Integrating the clinical lab workflow
June 2013
by Jeffrey Bouley  |  Email the author


SAN FRANCISCO—Early May saw CollabRx Inc., a data analytics company focused on informing the clinical interpretation of molecular diagnostic testing, team up with Boston-based GeneInsight LLC, a developer of software to support knowledge management and reporting for genetic testing laboratories. The goal: deliver a robust medical informatics solution to better support the interpretation and reporting of genetic variants from sequencing-based tests.  
The deal calls for CollabRx's medical and scientific content to be made accessible through the GeneInsight knowledge management platform, and this effort is focused for now on oncology. The solution is aimed at users in clinical laboratories, to support their genetic sequencing, interpretation and reporting needs.
"We are excited to work with GeneInsight to provide a key medical informatics capability to the genetic testing laboratory market to accelerate adoption of next-generation sequencing-based tests for cancer and beyond," said Thomas R. Mika, CollabRx chairman, president and CEO, in the official release about the deal. "Our partnership with GeneInsight goes a long way towards enabling a truly integrated clinical laboratory workflow."
Although he had worked with people at GeneInsight in the past at other institutions, CollabRx's head of business development and alliances, Dr. Gavin J. Gordon, says the company really came onto the radar for CollabRx in a deal-making sense last September after the announcement of a deal between GeneInsight and Illumina.
"They were making some commercial noise in the marketplace, and that opened up some interesting opportunities for collaboration," Gordon tells DDNEWS. "In early February of this year, we reached out to them and started talking about we could do some partnership-type discussions."  
They ended up closing on the deal officially in April, he says.
"GeneInsight has developed some nice relationships with leading academic-based sequencing centers as well as cancer-treatment centers and hospitals, and they've announced deals with Cedars-Sinai, Illumina and others," Gordon continues. "The academic-based hospitals and sequencing centers are among the earliest adopters of next-generation sequencing technology, especially clinically oriented tech, so it makes sense for us to reach that market in as many different ways as we can. Hence, this deal. "  
GeneInsight has been in use since 2005 and has supported the interpretation and reporting workflow for more than 30,000 clinical genetic tests across multiple diagnostic reference laboratories, the two companies note, adding that organizing and clinically interpreting genetic sequence data is among the greatest challenges facing treating clinicians. It is potentially overwhelming to physicians, limiting their ability to use the data for actual effective patient care, particularly when it comes to cancer.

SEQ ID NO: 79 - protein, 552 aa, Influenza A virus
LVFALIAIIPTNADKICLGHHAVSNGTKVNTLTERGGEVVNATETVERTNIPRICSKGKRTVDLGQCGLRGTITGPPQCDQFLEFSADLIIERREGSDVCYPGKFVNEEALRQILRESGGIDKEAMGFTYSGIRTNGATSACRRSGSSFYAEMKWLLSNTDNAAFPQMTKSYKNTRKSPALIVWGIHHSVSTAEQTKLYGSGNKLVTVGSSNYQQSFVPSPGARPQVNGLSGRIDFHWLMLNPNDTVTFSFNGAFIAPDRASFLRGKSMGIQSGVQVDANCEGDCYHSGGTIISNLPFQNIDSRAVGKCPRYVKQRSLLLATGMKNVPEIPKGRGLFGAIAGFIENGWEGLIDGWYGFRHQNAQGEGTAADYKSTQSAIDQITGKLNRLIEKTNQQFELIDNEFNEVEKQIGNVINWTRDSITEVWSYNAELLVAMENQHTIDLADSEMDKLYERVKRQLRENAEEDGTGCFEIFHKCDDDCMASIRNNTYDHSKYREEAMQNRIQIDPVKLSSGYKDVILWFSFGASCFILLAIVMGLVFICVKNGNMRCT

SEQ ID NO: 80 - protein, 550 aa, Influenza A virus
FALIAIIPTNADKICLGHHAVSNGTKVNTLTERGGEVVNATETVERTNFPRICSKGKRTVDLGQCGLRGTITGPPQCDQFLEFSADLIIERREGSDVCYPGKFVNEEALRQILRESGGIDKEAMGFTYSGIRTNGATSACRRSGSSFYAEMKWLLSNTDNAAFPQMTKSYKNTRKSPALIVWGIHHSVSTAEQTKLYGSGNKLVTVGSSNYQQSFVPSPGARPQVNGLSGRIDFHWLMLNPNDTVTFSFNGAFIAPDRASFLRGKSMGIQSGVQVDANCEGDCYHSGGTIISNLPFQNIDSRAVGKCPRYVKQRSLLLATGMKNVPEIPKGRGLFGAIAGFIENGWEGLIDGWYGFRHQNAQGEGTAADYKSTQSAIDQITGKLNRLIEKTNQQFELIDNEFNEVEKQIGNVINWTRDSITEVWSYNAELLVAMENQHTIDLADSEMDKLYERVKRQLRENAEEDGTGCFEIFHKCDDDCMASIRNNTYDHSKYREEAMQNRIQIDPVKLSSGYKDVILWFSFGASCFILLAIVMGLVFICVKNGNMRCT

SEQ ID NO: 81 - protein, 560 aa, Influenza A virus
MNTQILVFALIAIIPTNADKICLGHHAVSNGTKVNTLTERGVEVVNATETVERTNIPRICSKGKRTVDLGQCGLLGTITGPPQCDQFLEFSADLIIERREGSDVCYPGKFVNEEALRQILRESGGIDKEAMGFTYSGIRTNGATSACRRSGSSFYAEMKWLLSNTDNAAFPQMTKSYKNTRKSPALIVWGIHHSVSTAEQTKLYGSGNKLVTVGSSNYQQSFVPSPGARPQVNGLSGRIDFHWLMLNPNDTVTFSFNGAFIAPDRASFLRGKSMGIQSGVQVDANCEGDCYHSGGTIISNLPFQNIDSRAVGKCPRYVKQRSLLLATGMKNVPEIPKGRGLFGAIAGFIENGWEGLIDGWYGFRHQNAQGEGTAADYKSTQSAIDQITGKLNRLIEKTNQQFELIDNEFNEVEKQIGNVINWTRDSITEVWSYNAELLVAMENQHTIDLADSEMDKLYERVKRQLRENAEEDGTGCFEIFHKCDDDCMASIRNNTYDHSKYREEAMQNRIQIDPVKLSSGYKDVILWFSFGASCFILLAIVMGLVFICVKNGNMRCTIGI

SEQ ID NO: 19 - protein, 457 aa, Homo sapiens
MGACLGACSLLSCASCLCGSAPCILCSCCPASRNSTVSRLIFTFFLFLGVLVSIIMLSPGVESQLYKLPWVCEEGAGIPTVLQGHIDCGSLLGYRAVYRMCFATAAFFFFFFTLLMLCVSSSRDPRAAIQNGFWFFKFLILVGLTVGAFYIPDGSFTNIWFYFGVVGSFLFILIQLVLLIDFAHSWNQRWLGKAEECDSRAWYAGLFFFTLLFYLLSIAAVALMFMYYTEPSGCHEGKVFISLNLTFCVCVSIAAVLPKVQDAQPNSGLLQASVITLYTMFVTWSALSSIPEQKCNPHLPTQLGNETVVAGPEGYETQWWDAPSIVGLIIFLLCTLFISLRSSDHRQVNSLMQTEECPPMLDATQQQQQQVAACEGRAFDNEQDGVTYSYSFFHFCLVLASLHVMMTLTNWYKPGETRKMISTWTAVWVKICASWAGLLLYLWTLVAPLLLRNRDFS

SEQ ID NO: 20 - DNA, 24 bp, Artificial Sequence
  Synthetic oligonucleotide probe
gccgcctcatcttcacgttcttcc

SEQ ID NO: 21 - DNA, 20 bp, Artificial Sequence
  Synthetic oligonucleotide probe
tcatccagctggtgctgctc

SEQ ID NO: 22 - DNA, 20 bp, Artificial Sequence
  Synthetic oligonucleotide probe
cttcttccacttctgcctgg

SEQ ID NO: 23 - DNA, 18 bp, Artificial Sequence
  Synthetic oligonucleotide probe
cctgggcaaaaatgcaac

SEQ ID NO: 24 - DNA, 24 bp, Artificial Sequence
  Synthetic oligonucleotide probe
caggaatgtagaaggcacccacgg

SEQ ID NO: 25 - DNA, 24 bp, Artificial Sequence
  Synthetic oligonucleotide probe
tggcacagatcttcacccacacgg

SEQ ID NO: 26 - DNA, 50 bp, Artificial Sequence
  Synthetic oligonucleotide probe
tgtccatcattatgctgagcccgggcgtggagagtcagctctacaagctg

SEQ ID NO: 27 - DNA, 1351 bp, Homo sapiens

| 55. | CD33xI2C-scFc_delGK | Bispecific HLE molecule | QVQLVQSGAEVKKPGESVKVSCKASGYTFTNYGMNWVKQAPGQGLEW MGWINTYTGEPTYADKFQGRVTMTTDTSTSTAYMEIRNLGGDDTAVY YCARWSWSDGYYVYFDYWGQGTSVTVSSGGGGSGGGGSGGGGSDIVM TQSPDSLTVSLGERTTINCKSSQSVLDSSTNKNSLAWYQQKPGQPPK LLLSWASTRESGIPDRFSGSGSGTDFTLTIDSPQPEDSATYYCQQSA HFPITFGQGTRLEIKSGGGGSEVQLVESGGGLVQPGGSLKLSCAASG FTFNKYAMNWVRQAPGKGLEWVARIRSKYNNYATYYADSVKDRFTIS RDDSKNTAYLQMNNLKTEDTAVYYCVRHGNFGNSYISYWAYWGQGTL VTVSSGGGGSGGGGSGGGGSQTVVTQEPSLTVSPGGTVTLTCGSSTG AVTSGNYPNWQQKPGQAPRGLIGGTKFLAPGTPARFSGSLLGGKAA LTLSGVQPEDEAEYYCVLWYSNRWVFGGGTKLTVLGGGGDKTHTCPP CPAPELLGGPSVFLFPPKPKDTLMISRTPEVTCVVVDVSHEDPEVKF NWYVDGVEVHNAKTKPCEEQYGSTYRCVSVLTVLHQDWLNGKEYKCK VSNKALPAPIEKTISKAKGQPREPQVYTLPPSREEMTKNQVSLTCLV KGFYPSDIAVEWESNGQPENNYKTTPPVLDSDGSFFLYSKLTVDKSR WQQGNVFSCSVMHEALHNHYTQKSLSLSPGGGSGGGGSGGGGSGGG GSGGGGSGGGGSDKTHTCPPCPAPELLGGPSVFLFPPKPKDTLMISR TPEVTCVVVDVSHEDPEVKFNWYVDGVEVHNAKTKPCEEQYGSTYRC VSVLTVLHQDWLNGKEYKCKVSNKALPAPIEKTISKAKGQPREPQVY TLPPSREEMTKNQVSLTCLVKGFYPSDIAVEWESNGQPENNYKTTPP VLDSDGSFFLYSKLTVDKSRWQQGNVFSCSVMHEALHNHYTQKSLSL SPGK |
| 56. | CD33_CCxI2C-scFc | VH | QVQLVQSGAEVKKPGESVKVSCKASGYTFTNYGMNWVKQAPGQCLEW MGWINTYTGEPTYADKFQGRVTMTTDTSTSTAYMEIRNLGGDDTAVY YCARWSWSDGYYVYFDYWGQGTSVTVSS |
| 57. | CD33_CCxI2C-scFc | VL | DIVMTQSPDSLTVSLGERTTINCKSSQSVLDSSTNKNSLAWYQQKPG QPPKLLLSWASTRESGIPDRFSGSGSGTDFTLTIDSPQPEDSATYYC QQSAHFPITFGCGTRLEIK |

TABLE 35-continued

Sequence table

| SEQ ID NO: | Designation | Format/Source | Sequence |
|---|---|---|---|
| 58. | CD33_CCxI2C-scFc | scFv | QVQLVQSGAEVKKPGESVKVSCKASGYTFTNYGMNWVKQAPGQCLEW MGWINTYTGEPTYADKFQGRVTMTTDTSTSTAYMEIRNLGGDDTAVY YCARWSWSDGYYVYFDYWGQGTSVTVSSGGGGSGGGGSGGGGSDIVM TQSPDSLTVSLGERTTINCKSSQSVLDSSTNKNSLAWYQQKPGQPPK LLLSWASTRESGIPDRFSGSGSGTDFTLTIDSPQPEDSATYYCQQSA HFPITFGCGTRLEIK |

The combined offering in oncology will enable clinical laboratories to catalogue genetic variants from sequencing- based tests, and associate them with CollabRx's expertly curated knowledge on available drugs and clinical trials, the companies explain. Laboratories will have the option to incorporate this information into reports for treating physicians to enable increasingly informed treatment planning. Knowledge management, reporting and delivery of findings to ordering clinicians will be streamlined through Gene Insight's networked infrastructure, providing clinical laboratories the means to update physicians as knowledge evolves so they can effectively manage patient care.  
"The CollabRx and GeneInsight collaboration will enable laboratories using GeneInsight to leverage CollabRx content as they draft reports explaining the significance of variants identified in patients," said Dr. Heidi Rehm, chief laboratory director at Partners HealthCare's Laboratory for Molecular Medicine, in the news release about the deal. "When it comes to diagnosing and developing treatments, we work closely with scientists and clinicians at Massachusetts General Hospital and Brigham and Women's Hospital to advance patient care. We are thrilled to work with CollabRx and its more than 75 leading independent clinical practitioners to accelerate adoption of clinical sequencing in cancer."  
The collaboration is a perfect pairing, Gordon says, because while the GeneInsight software platform allows people to handle and share data, it isn't actually populated with data. That's the part that CollabRx brings, so that users can get a platform with data already in place—at least for cancer—instead of having to populate the platform with data themselves.
"From mission, tactics and strength standpoint, we're very much aligned with GeneInsight," Gordon states. "And from practical standpoint we provide a piece that they are lacking and they provide something we lack."
Code: E061315

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